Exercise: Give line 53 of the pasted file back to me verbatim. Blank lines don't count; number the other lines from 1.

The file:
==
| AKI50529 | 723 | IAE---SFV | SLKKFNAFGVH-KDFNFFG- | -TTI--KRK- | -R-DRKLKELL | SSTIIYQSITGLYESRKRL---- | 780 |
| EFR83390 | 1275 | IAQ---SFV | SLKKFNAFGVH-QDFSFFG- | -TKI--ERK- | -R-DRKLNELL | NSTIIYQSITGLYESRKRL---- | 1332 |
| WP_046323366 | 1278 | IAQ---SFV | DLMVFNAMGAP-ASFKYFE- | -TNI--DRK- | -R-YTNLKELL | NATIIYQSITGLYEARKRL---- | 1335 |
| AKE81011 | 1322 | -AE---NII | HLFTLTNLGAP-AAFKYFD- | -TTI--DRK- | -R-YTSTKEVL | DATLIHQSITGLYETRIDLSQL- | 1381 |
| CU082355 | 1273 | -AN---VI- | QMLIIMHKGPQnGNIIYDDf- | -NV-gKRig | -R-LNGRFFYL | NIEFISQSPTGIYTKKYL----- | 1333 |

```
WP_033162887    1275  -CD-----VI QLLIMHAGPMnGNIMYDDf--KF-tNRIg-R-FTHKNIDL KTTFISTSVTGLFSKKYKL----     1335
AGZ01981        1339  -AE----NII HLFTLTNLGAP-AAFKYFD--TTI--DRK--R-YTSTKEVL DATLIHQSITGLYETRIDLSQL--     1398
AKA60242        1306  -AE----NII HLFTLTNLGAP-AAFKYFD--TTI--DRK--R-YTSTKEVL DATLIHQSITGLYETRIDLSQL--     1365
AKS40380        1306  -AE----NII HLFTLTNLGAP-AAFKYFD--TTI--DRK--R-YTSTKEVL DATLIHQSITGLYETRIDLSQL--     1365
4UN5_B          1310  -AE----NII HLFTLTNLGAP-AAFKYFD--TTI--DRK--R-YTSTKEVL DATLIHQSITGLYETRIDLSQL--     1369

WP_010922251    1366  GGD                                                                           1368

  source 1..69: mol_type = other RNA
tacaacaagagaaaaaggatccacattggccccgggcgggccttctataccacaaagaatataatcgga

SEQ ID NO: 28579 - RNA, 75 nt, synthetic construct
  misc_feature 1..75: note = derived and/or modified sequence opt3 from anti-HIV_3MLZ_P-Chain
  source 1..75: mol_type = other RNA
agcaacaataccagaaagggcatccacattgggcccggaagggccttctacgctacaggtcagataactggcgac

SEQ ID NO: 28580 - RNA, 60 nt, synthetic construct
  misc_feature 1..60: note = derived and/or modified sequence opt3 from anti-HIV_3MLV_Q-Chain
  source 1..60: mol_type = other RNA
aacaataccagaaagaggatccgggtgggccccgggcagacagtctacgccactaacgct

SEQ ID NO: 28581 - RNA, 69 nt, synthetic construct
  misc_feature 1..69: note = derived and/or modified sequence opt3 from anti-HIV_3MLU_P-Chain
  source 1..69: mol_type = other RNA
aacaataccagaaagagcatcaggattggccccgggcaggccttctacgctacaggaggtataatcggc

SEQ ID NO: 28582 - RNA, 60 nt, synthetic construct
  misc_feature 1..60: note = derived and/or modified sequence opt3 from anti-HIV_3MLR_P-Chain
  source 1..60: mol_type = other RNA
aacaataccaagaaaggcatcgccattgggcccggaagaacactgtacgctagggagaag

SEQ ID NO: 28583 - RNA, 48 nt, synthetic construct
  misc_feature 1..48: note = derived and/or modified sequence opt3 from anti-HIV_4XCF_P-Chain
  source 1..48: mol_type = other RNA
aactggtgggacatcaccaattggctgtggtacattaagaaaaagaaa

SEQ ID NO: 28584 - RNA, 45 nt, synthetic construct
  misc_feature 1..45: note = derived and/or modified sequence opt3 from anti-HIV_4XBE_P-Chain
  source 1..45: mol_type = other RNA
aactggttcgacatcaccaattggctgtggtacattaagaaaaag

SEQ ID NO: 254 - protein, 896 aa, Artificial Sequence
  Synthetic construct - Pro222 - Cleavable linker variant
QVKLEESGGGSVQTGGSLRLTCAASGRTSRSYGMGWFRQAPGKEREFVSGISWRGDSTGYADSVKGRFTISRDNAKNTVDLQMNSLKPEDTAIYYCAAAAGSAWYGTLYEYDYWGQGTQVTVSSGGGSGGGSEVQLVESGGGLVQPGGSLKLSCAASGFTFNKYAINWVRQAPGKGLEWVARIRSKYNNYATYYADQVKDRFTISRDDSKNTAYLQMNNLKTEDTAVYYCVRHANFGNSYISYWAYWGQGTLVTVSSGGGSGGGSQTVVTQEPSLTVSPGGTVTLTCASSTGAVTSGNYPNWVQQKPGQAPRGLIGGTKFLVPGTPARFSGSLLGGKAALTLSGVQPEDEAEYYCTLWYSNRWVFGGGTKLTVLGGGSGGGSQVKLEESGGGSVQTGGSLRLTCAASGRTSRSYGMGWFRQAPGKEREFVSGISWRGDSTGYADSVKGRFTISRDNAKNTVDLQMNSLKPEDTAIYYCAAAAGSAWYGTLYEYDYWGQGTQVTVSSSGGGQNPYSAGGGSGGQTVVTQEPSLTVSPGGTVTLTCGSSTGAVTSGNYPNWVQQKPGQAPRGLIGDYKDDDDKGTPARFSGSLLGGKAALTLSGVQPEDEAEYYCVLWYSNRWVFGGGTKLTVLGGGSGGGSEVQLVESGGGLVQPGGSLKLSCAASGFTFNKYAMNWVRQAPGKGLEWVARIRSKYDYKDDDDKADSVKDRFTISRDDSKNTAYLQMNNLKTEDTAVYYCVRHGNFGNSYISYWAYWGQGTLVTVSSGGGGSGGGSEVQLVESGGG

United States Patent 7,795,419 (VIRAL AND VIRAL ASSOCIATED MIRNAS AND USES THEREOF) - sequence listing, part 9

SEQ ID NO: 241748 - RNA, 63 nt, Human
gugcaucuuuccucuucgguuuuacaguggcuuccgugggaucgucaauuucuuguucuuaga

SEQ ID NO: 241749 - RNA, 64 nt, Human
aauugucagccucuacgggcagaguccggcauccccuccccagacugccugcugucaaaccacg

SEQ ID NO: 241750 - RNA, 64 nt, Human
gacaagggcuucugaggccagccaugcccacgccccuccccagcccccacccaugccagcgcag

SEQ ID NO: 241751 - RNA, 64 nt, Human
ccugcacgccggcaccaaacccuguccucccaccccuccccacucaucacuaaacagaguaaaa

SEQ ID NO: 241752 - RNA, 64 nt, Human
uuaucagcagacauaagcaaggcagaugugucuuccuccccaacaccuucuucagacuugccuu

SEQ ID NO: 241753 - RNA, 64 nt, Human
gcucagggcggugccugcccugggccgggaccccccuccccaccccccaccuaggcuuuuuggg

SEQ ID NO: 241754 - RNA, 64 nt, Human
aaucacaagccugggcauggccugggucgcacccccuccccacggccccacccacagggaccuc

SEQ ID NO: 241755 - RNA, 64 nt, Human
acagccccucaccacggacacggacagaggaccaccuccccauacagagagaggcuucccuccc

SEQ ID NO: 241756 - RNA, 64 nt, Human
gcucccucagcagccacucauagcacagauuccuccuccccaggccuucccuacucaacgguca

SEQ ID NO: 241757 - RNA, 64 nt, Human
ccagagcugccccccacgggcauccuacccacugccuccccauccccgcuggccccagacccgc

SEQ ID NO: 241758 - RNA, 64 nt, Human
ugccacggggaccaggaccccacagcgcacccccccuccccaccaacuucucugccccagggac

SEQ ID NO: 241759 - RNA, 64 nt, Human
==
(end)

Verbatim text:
SEQ ID NO: 241753 - RNA, 64 nt, Human